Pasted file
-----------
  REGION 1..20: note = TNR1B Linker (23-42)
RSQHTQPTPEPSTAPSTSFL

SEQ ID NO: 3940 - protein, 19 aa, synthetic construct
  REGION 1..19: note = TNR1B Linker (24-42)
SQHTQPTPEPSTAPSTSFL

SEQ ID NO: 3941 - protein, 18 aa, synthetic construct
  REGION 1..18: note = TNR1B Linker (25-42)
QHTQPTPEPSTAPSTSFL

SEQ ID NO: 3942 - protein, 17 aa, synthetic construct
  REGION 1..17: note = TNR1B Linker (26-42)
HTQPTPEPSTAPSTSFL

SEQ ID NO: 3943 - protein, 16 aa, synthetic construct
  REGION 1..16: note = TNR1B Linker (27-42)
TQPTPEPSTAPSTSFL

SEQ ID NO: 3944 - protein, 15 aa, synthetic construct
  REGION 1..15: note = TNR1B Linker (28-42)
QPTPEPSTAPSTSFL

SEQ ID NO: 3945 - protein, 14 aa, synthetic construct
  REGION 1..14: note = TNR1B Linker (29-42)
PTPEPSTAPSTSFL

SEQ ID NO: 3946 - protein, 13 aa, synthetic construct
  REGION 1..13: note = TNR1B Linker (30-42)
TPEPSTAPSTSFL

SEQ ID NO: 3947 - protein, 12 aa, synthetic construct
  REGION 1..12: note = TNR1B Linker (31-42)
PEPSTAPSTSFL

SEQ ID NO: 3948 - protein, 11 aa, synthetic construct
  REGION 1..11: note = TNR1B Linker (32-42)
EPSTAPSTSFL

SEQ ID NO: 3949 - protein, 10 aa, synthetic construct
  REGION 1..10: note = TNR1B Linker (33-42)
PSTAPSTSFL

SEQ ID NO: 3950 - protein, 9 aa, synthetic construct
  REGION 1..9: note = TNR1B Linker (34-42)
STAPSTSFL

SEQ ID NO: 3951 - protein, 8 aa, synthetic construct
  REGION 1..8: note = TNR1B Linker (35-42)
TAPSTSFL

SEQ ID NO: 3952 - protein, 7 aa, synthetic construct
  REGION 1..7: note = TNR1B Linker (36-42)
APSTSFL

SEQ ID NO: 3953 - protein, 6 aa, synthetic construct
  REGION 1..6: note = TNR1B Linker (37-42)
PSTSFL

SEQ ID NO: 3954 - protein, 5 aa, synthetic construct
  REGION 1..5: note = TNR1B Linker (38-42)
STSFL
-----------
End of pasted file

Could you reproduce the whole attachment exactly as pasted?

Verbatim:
  REGION 1..20: note = TNR1B Linker (23-42)
RSQHTQPTPEPSTAPSTSFL

SEQ ID NO: 3940 - protein, 19 aa, synthetic construct
  REGION 1..19: note = TNR1B Linker (24-42)
SQHTQPTPEPSTAPSTSFL

SEQ ID NO: 3941 - protein, 18 aa, synthetic construct
  REGION 1..18: note = TNR1B Linker (25-42)
QHTQPTPEPSTAPSTSFL

SEQ ID NO: 3942 - protein, 17 aa, synthetic construct
  REGION 1..17: note = TNR1B Linker (26-42)
HTQPTPEPSTAPSTSFL

SEQ ID NO: 3943 - protein, 16 aa, synthetic construct
  REGION 1..16: note = TNR1B Linker (27-42)
TQPTPEPSTAPSTSFL

SEQ ID NO: 3944 - protein, 15 aa, synthetic construct
  REGION 1..15: note = TNR1B Linker (28-42)
QPTPEPSTAPSTSFL

SEQ ID NO: 3945 - protein, 14 aa, synthetic construct
  REGION 1..14: note = TNR1B Linker (29-42)
PTPEPSTAPSTSFL

SEQ ID NO: 3946 - protein, 13 aa, synthetic construct
  REGION 1..13: note = TNR1B Linker (30-42)
TPEPSTAPSTSFL

SEQ ID NO: 3947 - protein, 12 aa, synthetic construct
  REGION 1..12: note = TNR1B Linker (31-42)
PEPSTAPSTSFL

SEQ ID NO: 3948 - protein, 11 aa, synthetic construct
  REGION 1..11: note = TNR1B Linker (32-42)
EPSTAPSTSFL

SEQ ID NO: 3949 - protein, 10 aa, synthetic construct
  REGION 1..10: note = TNR1B Linker (33-42)
PSTAPSTSFL

SEQ ID NO: 3950 - protein, 9 aa, synthetic construct
  REGION 1..9: note = TNR1B Linker (34-42)
STAPSTSFL

SEQ ID NO: 3951 - protein, 8 aa, synthetic construct
  REGION 1..8: note = TNR1B Linker (35-42)
TAPSTSFL

SEQ ID NO: 3952 - protein, 7 aa, synthetic construct
  REGION 1..7: note = TNR1B Linker (36-42)
APSTSFL

SEQ ID NO: 3953 - protein, 6 aa, synthetic construct
  REGION 1..6: note = TNR1B Linker (37-42)
PSTSFL

SEQ ID NO: 3954 - protein, 5 aa, synthetic construct
  REGION 1..5: note = TNR1B Linker (38-42)
STSFL